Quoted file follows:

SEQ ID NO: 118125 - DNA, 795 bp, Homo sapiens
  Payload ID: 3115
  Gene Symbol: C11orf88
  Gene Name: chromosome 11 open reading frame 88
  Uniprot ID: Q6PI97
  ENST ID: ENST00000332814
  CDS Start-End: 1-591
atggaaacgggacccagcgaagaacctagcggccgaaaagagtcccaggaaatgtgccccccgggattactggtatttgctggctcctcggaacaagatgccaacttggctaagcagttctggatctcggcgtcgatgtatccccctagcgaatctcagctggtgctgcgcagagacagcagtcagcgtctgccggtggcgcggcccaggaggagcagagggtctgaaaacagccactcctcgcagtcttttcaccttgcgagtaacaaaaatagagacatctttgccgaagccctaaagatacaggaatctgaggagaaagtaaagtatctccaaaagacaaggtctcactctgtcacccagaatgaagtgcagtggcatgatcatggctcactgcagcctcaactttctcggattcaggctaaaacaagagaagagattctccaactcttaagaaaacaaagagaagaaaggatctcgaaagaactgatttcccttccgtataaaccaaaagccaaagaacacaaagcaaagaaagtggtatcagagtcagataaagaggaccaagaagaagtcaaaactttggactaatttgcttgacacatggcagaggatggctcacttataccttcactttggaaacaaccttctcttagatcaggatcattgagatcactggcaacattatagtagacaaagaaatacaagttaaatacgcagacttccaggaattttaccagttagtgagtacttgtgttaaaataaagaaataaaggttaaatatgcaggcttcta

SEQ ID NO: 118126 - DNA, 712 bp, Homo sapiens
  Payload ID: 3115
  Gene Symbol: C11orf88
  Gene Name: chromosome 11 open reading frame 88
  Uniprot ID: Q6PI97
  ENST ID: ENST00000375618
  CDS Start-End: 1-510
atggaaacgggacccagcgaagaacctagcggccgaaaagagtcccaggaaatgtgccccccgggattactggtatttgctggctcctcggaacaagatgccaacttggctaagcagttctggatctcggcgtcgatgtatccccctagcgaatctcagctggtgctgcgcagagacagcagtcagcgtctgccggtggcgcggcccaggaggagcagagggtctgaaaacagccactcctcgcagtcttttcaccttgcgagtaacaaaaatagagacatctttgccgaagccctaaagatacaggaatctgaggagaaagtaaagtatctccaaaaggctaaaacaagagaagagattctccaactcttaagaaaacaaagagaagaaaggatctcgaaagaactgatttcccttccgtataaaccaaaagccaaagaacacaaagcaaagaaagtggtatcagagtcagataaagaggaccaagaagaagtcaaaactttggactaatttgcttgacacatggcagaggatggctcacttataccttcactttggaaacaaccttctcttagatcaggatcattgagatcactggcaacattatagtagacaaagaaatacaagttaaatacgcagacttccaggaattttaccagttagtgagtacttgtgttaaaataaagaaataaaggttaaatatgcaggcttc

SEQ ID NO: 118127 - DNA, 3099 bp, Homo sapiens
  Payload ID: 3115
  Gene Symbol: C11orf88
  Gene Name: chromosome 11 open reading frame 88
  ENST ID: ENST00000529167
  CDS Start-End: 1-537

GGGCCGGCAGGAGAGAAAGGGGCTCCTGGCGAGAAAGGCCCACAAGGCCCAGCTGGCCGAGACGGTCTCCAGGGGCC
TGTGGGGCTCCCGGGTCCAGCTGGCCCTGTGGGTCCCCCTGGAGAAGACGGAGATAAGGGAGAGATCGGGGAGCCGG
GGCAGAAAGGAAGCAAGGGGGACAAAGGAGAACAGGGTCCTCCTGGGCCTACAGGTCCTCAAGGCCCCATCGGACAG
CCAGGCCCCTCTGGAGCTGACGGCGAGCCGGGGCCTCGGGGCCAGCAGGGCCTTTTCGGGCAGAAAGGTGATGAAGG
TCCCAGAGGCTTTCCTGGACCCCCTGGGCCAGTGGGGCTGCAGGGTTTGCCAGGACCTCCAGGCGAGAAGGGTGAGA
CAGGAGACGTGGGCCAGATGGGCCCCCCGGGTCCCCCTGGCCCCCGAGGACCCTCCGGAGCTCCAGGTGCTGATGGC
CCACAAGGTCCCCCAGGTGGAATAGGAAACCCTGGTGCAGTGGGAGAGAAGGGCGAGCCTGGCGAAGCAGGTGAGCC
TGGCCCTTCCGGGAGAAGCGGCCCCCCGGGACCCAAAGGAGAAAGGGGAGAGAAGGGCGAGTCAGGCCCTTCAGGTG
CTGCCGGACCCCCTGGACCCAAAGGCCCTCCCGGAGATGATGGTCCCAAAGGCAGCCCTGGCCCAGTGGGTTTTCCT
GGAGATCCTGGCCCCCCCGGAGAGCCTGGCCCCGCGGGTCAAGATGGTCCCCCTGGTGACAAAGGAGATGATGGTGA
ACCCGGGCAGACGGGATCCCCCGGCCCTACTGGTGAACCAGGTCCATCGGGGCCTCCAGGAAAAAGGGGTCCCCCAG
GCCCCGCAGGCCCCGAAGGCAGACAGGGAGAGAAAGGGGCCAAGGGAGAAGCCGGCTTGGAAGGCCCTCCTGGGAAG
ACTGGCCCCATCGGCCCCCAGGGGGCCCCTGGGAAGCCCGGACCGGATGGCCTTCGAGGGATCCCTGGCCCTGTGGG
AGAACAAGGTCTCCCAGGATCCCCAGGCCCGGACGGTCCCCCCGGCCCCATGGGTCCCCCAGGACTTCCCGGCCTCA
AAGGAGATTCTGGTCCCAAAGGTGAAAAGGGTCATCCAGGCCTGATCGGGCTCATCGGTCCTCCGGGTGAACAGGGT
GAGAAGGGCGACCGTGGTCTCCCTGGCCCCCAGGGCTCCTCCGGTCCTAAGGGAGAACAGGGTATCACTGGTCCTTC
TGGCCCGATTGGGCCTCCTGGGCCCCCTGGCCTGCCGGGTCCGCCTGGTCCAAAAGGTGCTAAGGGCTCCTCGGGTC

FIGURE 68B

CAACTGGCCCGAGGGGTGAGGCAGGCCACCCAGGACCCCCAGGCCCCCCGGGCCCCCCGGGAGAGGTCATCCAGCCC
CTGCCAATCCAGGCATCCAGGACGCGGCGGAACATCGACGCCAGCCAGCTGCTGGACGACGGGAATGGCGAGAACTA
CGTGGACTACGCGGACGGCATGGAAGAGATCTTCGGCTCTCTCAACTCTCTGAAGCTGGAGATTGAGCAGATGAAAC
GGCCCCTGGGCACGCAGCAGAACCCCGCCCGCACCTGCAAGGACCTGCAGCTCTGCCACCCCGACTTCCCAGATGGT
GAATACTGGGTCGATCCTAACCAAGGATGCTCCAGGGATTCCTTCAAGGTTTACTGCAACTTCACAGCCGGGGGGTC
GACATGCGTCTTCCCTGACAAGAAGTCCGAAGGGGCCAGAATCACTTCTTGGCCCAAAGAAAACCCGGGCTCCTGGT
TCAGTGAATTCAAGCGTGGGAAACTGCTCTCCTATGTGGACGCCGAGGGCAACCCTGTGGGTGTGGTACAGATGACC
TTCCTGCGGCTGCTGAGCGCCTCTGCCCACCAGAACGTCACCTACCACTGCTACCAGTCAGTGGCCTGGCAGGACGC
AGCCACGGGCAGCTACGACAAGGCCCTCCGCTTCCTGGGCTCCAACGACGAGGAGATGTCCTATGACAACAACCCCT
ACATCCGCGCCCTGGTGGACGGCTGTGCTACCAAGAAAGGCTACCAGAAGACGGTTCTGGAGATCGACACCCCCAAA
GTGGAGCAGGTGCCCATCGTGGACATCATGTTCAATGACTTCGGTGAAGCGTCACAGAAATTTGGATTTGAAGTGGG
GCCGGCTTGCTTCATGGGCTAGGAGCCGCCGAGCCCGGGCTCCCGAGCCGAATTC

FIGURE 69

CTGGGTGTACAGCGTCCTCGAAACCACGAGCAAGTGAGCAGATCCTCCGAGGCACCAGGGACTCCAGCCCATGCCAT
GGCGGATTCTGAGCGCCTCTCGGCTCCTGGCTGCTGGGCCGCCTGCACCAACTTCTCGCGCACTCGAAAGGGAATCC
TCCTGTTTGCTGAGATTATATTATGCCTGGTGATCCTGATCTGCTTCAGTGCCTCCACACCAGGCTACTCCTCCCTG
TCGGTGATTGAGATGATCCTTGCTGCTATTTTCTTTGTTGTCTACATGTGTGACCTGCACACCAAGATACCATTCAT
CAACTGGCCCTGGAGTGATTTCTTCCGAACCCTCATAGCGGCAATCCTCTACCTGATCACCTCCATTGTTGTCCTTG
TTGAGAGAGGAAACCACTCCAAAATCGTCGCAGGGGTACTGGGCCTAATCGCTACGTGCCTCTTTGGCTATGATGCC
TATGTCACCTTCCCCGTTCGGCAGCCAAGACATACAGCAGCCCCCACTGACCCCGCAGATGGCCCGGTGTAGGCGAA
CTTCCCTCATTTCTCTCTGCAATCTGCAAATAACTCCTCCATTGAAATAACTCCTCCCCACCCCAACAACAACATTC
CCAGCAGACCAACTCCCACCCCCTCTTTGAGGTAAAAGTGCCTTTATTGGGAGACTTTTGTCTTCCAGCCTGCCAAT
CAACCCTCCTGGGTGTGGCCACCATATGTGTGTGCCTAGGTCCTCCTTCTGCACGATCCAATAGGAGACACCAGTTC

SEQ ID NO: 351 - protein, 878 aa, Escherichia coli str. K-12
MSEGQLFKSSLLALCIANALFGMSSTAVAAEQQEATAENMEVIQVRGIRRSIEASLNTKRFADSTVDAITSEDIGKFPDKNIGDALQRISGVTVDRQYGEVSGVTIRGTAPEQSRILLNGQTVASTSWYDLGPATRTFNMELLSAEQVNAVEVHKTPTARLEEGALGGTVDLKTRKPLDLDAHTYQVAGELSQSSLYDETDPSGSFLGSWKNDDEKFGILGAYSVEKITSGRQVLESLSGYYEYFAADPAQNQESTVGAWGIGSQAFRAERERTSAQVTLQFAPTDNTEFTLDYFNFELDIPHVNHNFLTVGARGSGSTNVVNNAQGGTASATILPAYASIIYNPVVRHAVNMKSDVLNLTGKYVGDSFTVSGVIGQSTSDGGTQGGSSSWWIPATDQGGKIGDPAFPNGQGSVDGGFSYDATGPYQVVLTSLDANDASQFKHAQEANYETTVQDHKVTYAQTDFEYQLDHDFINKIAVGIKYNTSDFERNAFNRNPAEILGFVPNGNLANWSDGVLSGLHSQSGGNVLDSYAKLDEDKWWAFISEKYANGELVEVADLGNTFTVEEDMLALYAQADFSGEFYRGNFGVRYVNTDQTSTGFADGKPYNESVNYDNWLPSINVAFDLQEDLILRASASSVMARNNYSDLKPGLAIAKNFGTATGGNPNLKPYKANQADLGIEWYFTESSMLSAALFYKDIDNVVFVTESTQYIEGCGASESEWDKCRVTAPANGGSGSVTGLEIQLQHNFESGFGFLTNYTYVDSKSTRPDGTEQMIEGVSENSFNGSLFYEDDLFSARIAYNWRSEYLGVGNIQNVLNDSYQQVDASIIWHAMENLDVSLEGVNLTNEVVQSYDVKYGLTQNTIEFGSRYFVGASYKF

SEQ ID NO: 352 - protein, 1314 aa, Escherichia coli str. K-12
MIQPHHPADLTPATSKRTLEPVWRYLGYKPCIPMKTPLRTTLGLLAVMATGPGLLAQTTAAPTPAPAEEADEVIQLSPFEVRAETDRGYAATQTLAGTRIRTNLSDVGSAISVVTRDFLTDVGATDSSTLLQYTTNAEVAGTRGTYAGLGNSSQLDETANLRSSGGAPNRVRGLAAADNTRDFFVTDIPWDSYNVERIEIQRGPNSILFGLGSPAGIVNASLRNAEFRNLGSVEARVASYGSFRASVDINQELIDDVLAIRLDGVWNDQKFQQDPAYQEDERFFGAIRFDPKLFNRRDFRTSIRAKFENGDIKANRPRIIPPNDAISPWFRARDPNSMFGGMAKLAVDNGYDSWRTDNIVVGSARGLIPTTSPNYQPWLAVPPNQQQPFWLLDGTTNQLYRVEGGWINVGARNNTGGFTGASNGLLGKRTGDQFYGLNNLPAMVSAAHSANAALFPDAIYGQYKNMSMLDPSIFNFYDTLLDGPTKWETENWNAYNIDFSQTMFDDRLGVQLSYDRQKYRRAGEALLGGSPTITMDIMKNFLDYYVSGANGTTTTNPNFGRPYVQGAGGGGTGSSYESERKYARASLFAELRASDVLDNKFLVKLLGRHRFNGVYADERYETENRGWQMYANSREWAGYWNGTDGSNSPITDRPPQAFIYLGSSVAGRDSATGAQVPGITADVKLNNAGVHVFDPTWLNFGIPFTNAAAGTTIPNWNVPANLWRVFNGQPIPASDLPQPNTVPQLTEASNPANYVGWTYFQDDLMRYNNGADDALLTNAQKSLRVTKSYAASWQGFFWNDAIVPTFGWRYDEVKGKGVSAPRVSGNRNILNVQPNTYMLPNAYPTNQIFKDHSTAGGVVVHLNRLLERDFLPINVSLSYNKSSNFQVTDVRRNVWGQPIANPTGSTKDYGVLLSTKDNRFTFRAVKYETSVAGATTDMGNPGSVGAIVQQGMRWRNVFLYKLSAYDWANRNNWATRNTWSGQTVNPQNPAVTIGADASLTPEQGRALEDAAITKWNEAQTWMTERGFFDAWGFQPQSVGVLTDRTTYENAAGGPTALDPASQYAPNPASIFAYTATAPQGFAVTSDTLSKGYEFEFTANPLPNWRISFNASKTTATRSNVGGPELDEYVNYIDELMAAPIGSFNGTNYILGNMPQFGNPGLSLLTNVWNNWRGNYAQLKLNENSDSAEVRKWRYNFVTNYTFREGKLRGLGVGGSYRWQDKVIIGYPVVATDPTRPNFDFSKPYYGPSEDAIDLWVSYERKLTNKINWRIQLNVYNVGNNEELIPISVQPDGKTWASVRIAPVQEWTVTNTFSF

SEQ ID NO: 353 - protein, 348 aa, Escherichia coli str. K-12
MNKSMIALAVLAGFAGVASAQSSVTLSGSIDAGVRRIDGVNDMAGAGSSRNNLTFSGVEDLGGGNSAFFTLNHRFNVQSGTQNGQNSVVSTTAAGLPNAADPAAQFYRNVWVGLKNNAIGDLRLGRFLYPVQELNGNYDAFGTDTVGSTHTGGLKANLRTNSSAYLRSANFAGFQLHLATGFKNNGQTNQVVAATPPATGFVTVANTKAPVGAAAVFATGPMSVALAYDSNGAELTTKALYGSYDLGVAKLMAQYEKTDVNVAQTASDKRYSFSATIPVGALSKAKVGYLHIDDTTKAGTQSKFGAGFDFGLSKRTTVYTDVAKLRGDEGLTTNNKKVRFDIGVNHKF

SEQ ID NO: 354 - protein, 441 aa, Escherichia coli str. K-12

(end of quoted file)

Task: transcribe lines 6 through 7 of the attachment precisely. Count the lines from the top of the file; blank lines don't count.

  ENST ID: ENST00000332814
  CDS Start-End: 1-591